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dc.contributor.authorErlam, Gwen
dc.description.abstractGWEN ERLAM set out in her doctoral research to bridge the generation gap and find the best way to reach and teach Millennial nursing students using simulated learning environments. It is now widely believed that generational tendencies can be tracked by birth cohort. Nurses currently working in the health sector span four generation cohorts (see box). The oldest cohort began training in the 1960s, the newest this millennium, so each generation has been prepared for professional practice in quite different ways. Today’s data-rich infosphere has profoundly influenced the youngest generation in their attitudes toward family, career, risk, romance, politics and religion. Generational theorists argue that the generational tendencies indicate a clear break between those born from 1982 onwards and those born before. The newest generational persona, the Millennials, are said to be unique and to have seven distinguishing characteristics. They believe they are:Special, Sheltered, Confident, Team-Orientated, Achieving, Pressured, Conventional.en_NZ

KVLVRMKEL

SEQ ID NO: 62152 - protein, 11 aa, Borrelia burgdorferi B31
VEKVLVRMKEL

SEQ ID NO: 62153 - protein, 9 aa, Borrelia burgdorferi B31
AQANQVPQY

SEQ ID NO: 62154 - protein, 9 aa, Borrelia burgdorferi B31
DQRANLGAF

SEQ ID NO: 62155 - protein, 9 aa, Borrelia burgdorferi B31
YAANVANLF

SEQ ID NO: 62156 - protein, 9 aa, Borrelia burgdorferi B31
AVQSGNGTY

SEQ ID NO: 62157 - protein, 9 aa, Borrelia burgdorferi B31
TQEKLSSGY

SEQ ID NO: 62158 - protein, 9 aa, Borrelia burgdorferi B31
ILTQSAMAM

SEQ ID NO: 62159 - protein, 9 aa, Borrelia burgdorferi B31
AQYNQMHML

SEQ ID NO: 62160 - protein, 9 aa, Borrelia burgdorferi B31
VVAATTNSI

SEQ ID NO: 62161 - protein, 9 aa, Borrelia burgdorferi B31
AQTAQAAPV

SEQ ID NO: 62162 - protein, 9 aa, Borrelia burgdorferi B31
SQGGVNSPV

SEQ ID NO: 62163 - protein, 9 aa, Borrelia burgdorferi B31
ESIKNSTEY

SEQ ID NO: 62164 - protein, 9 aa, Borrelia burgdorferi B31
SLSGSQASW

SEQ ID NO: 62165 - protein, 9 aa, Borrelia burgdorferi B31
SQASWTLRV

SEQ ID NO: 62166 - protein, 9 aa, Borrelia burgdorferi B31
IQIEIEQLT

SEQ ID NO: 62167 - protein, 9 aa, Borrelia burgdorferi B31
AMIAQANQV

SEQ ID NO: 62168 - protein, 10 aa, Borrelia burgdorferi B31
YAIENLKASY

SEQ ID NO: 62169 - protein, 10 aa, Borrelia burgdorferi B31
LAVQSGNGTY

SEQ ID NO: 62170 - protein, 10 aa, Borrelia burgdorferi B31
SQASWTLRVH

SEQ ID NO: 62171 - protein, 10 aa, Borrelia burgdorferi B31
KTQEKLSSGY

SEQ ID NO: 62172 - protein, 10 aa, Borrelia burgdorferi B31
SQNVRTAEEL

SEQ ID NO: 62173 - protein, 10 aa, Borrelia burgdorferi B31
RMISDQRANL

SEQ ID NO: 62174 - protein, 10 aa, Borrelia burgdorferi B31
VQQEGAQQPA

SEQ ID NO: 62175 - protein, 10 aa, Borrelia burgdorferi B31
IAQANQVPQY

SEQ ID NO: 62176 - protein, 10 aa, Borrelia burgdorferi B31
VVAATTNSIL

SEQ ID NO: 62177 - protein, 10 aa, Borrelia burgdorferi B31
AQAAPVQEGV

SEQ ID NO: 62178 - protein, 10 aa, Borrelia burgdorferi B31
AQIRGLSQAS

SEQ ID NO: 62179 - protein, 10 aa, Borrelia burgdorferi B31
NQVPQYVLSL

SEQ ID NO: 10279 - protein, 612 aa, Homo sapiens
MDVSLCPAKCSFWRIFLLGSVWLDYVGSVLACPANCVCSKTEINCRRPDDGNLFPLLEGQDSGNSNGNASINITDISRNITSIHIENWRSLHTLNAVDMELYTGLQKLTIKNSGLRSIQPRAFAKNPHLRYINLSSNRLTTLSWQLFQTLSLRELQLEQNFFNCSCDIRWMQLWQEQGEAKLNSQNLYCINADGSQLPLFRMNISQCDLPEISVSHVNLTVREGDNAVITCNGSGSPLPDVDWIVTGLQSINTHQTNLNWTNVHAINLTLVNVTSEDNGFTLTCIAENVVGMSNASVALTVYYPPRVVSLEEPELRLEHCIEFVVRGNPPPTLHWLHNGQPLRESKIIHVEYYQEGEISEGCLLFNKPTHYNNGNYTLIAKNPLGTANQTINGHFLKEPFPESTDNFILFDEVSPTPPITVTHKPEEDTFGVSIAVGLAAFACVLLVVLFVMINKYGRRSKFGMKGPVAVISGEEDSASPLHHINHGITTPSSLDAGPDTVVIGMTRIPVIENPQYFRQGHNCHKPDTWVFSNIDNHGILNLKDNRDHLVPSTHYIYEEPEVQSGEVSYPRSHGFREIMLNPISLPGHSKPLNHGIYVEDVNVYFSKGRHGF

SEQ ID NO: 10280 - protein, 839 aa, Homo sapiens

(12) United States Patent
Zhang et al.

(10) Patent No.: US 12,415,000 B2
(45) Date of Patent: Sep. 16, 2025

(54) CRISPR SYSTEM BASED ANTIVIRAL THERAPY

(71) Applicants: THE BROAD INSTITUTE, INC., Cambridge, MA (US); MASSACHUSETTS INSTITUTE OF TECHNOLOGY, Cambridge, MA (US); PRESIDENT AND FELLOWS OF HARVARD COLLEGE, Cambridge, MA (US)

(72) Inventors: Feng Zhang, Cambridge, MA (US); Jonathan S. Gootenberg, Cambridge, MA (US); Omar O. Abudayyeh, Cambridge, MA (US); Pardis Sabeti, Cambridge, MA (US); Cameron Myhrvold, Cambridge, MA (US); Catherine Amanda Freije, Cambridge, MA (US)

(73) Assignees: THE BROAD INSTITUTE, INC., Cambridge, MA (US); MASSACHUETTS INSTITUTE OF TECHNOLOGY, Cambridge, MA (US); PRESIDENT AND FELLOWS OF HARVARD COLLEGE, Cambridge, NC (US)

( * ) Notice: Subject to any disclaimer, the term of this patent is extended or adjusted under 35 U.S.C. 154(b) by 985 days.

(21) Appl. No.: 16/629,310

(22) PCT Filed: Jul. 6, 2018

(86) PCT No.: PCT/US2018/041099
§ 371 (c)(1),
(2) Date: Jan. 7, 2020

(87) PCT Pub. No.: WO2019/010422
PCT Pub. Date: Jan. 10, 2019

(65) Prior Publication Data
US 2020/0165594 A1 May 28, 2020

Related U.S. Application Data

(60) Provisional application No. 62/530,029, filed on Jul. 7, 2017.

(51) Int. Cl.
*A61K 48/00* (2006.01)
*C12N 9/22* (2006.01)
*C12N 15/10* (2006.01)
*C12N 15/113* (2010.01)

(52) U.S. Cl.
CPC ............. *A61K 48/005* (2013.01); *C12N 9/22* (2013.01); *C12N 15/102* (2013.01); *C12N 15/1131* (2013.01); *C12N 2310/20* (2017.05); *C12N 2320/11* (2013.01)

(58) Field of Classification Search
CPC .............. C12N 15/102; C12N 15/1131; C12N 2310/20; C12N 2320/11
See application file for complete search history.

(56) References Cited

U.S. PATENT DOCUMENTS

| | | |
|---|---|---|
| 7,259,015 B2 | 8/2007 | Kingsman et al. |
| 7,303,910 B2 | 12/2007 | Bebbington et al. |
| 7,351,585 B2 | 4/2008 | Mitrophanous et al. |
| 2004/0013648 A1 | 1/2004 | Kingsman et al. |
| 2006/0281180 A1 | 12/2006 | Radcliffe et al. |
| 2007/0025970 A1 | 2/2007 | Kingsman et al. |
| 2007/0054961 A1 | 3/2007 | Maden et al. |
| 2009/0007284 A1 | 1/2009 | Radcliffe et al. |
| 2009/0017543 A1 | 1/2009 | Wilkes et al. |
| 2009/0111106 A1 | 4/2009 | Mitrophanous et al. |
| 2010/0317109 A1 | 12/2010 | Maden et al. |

dc.publisherNew Zealand Educational Media (NZME)en_NZ
dc.subjectnursing studentsen_NZ
dc.subjectnursing educationen_NZ
dc.subjectNew Zealanden_NZ
dc.subjectteaching stylesen_NZ
dc.titleSimulation : coaching Oscar performances from Millennial nursing studentsen_NZ
dc.typeJournal Articleen_NZ
dc.subject.marsden130209 Medicine, Nursing and Health Curriculum and Pedagogyen_NZ
dc.identifier.bibliographicCitationErlam, G.D. (2015). Simulation: Coaching Oscar performances from Millennial nursing students. Nursing Review, 15(5), pp.31.en_NZ
unitec.publication.titleNursing Reviewen_NZ
unitec.publication.placeAuckland, New Zealanden_NZ

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